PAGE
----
CONNIE McCready is facing the second Christmas without her fiancé Jim Russell who died from Covid at the age of 51.

And while it might be some 19 months since she lost him to the terrible virus, for Ms McCready, 47, life will never be the same again.

Her beloved partner Jim died after contracting the virus early on in the pandemic. He was transferred from a Glasgow hospital where he was being treated to receive specialist care in Aberdeen, but died on May 4, 2020.

She, like many bereaved families, have been craving a place to remember loved ones and to know that they and those who lost their lives are respected.

Re. The Herald covid memorial garden. Family handout photograph of Jim Russell with fiancee Connie McCready..Jim Russell, 51, from Glasgow, died May 4, 2020.....

Family handout photograph of Jim Russell with fiancee Connie McCready

Read more: Scotland's Covid Memorial first look as funds target is announced

Ms McCready has been a supporter of The Herald’s Covid memorial shortly after we launched last year. Her fiancé, who she was due to marry in June last year, was a close friend of a director who works for the Harry Clarke Group of companies, based in Hillington, Renfrewshire. It was through the company's managing director Richard Clarke that a £5000 donation was made towards the campaign and kick-started our public fund.

On seeing the Covid memorial design for the first time Ms McCready was left speechless.

“It really is amazing,” she said: “To see the figures linking in with the trees and to think they are poses which represent some of us is just fantastic to see. Families have been through so much and I think this has come at the right time for them. It is still difficult for them months on.”

The Herald is campaigning to create I remember: Scotland’s Covid Memorial in the grounds of Pollok Country Park.

Yesterday we revealed Scotland’s First Minister Nicola Sturgeon is backing our campaign which has also been boosted by a major donation.

She revealed that the Scottish Government was contributing a further £25,000 towards our fundraising target of £233,500.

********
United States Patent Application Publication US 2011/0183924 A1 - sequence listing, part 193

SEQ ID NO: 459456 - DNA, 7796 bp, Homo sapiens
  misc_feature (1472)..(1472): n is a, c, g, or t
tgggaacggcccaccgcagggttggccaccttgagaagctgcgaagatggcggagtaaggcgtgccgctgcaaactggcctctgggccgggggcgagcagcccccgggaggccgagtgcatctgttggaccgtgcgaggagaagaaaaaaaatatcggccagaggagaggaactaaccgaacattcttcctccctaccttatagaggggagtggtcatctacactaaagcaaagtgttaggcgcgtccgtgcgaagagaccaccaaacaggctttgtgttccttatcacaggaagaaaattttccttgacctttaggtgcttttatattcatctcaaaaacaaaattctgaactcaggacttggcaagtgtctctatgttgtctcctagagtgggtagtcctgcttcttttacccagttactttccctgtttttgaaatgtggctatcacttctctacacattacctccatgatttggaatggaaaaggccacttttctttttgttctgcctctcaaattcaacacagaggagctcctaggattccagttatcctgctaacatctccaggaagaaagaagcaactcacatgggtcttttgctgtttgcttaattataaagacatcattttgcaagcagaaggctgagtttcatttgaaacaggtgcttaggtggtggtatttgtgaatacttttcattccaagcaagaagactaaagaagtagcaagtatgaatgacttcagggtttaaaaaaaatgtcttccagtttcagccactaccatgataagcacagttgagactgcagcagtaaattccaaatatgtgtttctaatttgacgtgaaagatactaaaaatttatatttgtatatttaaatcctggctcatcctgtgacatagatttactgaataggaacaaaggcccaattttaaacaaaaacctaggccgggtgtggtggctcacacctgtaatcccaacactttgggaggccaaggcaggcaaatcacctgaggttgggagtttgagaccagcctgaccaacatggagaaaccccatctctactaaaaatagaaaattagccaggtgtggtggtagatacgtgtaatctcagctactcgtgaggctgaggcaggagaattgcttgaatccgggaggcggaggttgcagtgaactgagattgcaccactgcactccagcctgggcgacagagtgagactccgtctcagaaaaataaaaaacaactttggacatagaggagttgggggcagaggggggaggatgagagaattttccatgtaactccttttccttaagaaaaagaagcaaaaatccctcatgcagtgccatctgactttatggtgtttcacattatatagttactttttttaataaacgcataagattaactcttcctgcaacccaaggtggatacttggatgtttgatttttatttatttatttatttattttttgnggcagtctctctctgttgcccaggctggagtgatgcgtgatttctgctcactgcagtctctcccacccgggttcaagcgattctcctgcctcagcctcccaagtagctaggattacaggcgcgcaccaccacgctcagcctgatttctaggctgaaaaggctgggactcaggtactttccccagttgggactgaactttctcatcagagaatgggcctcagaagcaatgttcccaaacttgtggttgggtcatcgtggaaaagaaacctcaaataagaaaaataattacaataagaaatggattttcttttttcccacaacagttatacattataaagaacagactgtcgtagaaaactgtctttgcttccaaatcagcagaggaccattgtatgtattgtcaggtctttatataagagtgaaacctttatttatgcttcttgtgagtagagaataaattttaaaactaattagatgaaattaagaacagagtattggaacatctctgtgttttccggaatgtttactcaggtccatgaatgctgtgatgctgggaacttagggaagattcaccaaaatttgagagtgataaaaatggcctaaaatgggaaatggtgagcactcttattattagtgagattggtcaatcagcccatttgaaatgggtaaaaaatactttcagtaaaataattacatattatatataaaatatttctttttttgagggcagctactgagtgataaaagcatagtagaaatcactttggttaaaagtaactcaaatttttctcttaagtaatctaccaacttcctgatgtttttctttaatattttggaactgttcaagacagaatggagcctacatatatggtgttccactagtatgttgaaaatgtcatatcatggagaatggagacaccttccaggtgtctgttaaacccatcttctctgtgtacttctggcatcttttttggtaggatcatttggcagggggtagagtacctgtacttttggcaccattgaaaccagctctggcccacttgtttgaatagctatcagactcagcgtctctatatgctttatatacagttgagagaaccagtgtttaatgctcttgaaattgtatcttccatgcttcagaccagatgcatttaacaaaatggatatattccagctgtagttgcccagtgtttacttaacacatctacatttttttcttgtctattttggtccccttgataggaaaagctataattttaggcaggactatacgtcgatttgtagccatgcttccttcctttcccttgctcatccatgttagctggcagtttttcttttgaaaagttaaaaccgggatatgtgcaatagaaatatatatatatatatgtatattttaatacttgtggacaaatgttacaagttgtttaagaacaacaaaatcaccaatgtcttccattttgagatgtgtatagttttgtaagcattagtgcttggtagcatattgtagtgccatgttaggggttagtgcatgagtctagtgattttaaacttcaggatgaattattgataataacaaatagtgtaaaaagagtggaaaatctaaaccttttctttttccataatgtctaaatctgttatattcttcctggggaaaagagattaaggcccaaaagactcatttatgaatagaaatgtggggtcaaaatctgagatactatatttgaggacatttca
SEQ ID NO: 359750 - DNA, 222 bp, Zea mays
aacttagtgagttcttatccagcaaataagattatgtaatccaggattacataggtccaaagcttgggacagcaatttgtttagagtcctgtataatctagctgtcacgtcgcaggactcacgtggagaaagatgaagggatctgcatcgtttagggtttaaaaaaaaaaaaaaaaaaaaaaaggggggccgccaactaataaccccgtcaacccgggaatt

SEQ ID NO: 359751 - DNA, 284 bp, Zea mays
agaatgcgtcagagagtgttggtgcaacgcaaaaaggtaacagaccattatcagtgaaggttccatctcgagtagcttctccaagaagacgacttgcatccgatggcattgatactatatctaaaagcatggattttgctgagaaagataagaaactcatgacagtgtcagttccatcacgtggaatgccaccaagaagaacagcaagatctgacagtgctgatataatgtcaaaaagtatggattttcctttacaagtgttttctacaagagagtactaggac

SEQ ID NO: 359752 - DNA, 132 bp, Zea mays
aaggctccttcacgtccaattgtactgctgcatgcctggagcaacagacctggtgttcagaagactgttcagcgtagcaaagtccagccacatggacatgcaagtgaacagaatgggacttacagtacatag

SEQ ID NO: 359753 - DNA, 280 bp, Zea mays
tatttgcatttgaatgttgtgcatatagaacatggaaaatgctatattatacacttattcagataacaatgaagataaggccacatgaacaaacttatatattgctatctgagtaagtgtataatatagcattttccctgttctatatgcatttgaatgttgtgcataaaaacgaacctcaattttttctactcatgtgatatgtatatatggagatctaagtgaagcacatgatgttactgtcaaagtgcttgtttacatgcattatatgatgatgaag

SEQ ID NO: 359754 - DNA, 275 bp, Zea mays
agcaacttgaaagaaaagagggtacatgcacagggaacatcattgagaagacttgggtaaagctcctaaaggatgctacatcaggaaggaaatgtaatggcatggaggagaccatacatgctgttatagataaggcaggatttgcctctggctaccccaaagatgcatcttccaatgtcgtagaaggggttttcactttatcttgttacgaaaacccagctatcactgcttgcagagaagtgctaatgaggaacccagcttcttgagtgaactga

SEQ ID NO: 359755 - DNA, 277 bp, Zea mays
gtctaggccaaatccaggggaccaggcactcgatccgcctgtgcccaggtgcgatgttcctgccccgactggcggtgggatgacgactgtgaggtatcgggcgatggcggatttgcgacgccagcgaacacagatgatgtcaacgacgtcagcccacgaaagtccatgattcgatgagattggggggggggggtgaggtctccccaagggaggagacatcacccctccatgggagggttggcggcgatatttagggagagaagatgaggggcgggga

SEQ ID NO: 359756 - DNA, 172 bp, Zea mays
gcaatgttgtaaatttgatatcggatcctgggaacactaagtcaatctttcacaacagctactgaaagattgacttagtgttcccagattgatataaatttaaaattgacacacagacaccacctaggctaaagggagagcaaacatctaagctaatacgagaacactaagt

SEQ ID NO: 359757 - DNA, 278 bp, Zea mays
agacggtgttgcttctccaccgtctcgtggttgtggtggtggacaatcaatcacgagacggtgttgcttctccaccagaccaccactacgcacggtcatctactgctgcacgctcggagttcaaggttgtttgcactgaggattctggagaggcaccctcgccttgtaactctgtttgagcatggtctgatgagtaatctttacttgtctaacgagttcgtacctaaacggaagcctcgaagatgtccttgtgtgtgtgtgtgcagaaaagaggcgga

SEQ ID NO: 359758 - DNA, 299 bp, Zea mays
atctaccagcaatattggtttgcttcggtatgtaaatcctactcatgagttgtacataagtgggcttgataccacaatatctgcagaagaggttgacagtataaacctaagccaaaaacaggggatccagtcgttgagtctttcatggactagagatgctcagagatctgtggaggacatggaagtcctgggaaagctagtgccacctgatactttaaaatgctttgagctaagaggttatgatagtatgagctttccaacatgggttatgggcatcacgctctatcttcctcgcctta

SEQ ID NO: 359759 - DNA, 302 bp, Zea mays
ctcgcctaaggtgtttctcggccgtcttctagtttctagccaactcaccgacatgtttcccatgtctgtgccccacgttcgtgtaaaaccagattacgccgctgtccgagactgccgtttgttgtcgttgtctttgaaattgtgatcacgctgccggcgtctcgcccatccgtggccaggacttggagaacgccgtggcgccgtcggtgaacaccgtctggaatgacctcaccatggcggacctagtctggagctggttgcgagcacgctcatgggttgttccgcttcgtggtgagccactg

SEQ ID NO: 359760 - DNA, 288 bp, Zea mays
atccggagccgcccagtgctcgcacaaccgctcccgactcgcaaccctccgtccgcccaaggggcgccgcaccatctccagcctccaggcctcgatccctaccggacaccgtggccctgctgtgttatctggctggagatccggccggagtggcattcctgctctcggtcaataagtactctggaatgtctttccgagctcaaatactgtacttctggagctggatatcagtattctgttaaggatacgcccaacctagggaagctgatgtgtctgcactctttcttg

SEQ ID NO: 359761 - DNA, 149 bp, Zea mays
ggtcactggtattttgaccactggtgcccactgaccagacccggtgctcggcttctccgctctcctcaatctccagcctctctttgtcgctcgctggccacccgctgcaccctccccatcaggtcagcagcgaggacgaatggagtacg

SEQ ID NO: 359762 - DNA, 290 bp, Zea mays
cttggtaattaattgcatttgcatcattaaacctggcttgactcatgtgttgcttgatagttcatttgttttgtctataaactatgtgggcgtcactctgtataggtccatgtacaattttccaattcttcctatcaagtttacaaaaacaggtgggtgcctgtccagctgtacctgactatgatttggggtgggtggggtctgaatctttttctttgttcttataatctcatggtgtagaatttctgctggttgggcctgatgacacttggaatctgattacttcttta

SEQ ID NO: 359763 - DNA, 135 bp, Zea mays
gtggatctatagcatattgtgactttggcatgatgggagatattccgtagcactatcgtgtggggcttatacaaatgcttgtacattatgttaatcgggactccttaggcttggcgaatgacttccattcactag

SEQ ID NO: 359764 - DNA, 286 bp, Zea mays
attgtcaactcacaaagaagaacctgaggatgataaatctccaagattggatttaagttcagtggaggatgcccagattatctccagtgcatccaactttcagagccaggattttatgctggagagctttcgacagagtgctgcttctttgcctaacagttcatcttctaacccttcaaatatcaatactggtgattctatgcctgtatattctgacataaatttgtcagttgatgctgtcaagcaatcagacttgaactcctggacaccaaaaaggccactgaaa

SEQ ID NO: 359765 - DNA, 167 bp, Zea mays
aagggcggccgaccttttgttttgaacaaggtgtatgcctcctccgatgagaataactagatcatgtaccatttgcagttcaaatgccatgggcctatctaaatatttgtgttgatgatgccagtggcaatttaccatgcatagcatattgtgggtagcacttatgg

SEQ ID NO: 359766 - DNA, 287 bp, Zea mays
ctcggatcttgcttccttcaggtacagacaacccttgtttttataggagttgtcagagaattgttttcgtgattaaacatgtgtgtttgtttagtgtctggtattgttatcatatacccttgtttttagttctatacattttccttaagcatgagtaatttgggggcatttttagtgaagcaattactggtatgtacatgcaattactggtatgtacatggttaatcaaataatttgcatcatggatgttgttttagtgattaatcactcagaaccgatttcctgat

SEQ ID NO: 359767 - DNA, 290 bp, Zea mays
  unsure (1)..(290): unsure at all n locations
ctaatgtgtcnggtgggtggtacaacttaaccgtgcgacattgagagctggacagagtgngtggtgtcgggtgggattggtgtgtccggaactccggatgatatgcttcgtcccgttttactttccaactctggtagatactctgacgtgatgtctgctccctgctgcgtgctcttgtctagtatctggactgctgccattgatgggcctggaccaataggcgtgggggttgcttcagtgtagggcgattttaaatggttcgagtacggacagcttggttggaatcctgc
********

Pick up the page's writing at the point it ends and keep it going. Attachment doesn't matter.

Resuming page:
I remember: Scotlands Covid Memorial will be created at Pollok Country Park

I remember: Scotland's Covid Memorial will be created at Pollok Country Park

Read more: Nicola Sturgeon backs Scotland's covid memorial campaign and announces £25k boost to fund

The Herald revealed the first images of what will become I remember: Scotland’s Covid Memorial last Saturday. The design has been brought together by our dedicated artist Alec Finlay and our partners at Glasgow City Council who offered to host the memorial.

Last year Ms Sturgeon offered her support to The Herald Covid memorial campaign with the Scottish Government pledging just over £16,000 to the project which was still in the early research and development stage.

However, with a further £25,000 pledged from the Scottish Government, we have now raised more than £86,000.

Designed and created by our artist Alec Finlay, a series of wooden structures will be created in the grounds of the stunning park. One of the main focal points will be the Riverside Grove, with a meadow of wildflowers and woodland path, and will be linked to other sites by around 50 supports allowing people to create their own memorial walk.

The memorial’s figures represent supports and are formed by people conveying emotion and feelings at a moment in time.

During the engagement stage last year Mr Finlay reached out to people using the I remember form, a single sentence, which captures the feelings and emotions of someone at a particular moment in time.

Ms McCready, who set up Covid 19 Families Support in Scotland, was among those who took part in a series of workshops to help create their own I remember.

These short passages will be accessed through audio linked to a QR code at the various locations in the park.

Ms McCready added: “I think that now families can visualise this and it is something they may have contributed to through an I remember or a pose which has become a physical, is very important to them.

“For many people this might be their first Christmas after losing a loved one to Covid and it is a very difficult time. To think that here we are nearly two years on makes it is very difficult for any closure as we live with it 24/7.”

The Herald:

Our artist Alec Finlay said he felt the memorial had to be on a larger scale and more integrated with nature.

He said: “I wanted to make a work on the theme of support. How we support one another emotionally, physically, spiritually and the key motif for the Covid memorial is our relationship to trees. We are creating a series of oak tree supports which we made using people making poses of support with trees. All of the designs are based on photographs of people that had been affected by Covid in some way.

“We are going to make 50 of these through Pollok Country Park. Four of them are going to be in groves. One by the river, called the riverside grove, one in a beautiful grove of beech trees and one on the hillside amongst azalea and rhododendron and also a birch grove. The idea is that these will give a focus within the park, but that there will also be smaller, single points of interest."